History of the death penalty in south africa.?

I am doing a report for school on the history and development pf the judicial system in south africa...and I really can't find what I am looking for on the internet.

3 Answers

  • Porgie
    Lv 7
    1 decade ago
    Favorite Answer

    The Judiciary of South Africa is an independent branch of government, subject only to the South African Constitution and the laws of the country. The Judiciary interprets the laws of South Africa, using as the basis of its interpretation the laws enacted by the South African Parliament as well as explanatory statements made in the legislature during the enactment.

    Chapter 8 of the Constitution of South Africa defines the structure of the South African judicial system. This chapter also guarantees the independence of the courts and requires other organs of the state to assist and protect the courts in order to ensure their "independence, impartiality, dignity, accessibility and effectiveness". In addition, Chapter 2 of the Constitution guarantees every person the right to have a dispute or trial heard by a fair, impartial and independent court.

    The South African court structure consists of:

    The Constitutional Court

    The Supreme Court of Appeal

    High Courts

    Magistrates Courts

    Other courts established by or recognised in terms of an Act of Parliament (such as the Land Claims Court).

    Permanent judges in the higher courts are appointed by the President of South Africa, in consultation with the Judicial Service Commission as well as the leaders of the political parties represented in South African National Assembly. The appointment of magistrates fall under their own commission.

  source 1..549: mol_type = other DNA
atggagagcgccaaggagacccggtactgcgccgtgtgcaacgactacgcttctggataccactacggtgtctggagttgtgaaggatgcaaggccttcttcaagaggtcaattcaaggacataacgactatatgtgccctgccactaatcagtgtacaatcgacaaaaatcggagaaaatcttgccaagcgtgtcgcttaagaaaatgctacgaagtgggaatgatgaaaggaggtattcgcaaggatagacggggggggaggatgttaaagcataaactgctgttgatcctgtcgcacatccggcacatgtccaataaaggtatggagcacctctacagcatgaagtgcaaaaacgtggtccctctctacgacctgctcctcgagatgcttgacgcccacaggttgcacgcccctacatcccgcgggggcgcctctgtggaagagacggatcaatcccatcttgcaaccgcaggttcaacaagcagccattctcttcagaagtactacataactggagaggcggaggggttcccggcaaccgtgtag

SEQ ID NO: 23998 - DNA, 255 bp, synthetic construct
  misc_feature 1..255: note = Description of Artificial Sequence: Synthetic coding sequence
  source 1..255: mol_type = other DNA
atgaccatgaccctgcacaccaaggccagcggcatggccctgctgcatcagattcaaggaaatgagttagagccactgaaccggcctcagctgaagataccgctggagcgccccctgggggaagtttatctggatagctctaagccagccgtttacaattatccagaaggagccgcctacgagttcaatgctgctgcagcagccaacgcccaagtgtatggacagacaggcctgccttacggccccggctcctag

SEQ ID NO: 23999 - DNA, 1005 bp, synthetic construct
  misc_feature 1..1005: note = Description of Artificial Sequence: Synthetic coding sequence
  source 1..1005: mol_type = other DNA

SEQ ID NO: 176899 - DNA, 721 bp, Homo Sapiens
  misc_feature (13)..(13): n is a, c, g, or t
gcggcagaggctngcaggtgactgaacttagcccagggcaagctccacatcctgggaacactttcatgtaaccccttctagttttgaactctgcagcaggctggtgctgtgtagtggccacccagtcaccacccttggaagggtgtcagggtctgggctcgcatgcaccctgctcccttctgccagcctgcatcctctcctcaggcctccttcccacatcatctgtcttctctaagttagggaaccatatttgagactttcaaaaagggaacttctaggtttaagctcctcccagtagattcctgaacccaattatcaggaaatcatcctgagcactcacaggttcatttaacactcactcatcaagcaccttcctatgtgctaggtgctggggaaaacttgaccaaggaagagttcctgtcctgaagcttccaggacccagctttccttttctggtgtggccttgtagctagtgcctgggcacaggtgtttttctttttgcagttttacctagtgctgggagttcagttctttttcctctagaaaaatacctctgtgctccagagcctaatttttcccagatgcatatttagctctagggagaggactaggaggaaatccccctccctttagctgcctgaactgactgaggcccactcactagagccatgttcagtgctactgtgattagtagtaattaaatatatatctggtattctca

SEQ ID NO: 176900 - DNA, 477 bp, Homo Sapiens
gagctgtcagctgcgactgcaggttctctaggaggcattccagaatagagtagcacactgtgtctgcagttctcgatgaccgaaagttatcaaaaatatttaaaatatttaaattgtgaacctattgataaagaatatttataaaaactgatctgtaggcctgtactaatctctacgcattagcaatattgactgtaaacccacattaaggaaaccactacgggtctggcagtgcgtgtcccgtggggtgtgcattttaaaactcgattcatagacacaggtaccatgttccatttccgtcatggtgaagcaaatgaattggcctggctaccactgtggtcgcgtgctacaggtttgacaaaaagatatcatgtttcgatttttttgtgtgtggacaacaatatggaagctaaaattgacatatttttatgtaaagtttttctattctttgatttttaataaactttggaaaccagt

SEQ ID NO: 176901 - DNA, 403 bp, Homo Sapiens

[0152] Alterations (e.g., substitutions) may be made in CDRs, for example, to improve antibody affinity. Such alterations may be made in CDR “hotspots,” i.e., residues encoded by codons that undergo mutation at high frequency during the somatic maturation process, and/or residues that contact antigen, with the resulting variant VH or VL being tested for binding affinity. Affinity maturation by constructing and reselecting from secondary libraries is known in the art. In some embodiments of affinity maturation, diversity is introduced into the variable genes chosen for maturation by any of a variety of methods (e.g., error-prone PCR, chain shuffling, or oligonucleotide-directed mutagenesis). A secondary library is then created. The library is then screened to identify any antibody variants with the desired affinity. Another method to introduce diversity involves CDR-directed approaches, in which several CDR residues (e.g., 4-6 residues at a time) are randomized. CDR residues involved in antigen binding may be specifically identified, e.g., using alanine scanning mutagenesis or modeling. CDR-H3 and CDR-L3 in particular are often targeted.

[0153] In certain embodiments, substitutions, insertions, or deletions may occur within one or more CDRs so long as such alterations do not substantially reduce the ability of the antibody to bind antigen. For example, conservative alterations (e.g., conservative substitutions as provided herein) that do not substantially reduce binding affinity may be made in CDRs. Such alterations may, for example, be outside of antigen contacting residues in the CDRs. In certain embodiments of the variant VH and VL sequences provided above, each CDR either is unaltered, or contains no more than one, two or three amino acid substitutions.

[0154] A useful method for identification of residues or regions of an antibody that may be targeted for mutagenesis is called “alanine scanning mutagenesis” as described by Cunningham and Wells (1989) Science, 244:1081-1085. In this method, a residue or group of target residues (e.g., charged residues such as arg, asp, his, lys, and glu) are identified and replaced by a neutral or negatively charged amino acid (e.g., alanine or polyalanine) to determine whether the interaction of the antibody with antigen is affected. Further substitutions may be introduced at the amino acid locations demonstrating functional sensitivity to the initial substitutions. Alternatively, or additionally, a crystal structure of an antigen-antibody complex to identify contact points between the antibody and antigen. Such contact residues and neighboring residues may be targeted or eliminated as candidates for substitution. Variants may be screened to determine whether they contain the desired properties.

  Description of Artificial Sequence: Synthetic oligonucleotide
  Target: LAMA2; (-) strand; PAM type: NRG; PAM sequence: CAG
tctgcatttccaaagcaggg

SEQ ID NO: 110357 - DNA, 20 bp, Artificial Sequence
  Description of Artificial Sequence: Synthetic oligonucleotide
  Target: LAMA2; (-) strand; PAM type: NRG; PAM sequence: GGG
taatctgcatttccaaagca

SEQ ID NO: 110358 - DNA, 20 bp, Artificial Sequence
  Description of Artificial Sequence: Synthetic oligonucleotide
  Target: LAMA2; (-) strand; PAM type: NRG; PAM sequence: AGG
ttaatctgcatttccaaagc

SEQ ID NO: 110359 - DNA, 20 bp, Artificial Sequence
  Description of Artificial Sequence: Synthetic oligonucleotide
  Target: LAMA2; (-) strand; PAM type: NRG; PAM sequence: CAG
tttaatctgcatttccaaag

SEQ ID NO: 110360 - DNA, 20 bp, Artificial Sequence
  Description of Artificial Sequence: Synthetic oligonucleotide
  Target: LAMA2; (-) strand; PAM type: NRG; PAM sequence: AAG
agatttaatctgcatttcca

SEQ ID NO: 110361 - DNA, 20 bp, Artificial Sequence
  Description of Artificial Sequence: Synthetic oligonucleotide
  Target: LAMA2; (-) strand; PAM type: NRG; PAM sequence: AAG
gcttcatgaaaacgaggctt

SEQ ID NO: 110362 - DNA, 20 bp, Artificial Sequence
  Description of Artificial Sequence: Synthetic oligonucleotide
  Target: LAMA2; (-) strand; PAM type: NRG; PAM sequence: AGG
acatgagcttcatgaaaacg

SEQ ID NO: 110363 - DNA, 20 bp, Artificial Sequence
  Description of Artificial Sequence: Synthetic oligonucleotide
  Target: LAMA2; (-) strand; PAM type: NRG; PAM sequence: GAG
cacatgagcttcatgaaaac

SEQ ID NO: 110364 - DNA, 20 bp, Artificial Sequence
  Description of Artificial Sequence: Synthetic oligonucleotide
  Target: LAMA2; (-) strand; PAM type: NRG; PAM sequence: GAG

There is also a single national prosecuting authority that is responsible for the institution of criminal proceedings on behalf of the state.

    The South African Judicial Service Commission plays an important role in the appointment of judges and also advises the country's national government on any matters relating to the judiciary and the administration of justice. It is a body established in the Constitution of South Africa "to advise the national government on any matter relating to the judiciary or the administration of justice" and for which separate legislation has been enacted.

    The Judicial Service Commission's membership include:

    The South African Minister of Justice

    The Chief Justice of South Africa

    Two practising advocates

    Two practising attorneys

    Six members from the South African National Assembly (including three from opposition parties)

    Four members from the National Council of Provinces

    The National Prosecuting Authority (NPA) is responsible for the institution of criminal proceedings on behalf of the state. The NPA is headed by the Director of Public Prosecutions, who is appointed by the President. The Constitution of South Africa states that legislation enacted by the South African Parliament must ensure that the NPA performs its functions without fear, favour or prejudice.

    I found the following article on the death penalty in South Africa...


    Source(s): wikipedia Graeme Simpson and Lloyd Vogelman
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  • 1 decade ago

    Porgie's answer is thorough. Just want to make it clear though that since 1994 there is no death penalty in South Africa anymore. The document in the link that Porgie posted must be from 1989 or 1990.

    Good luck with your report.

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  • Anonymous
    4 years ago

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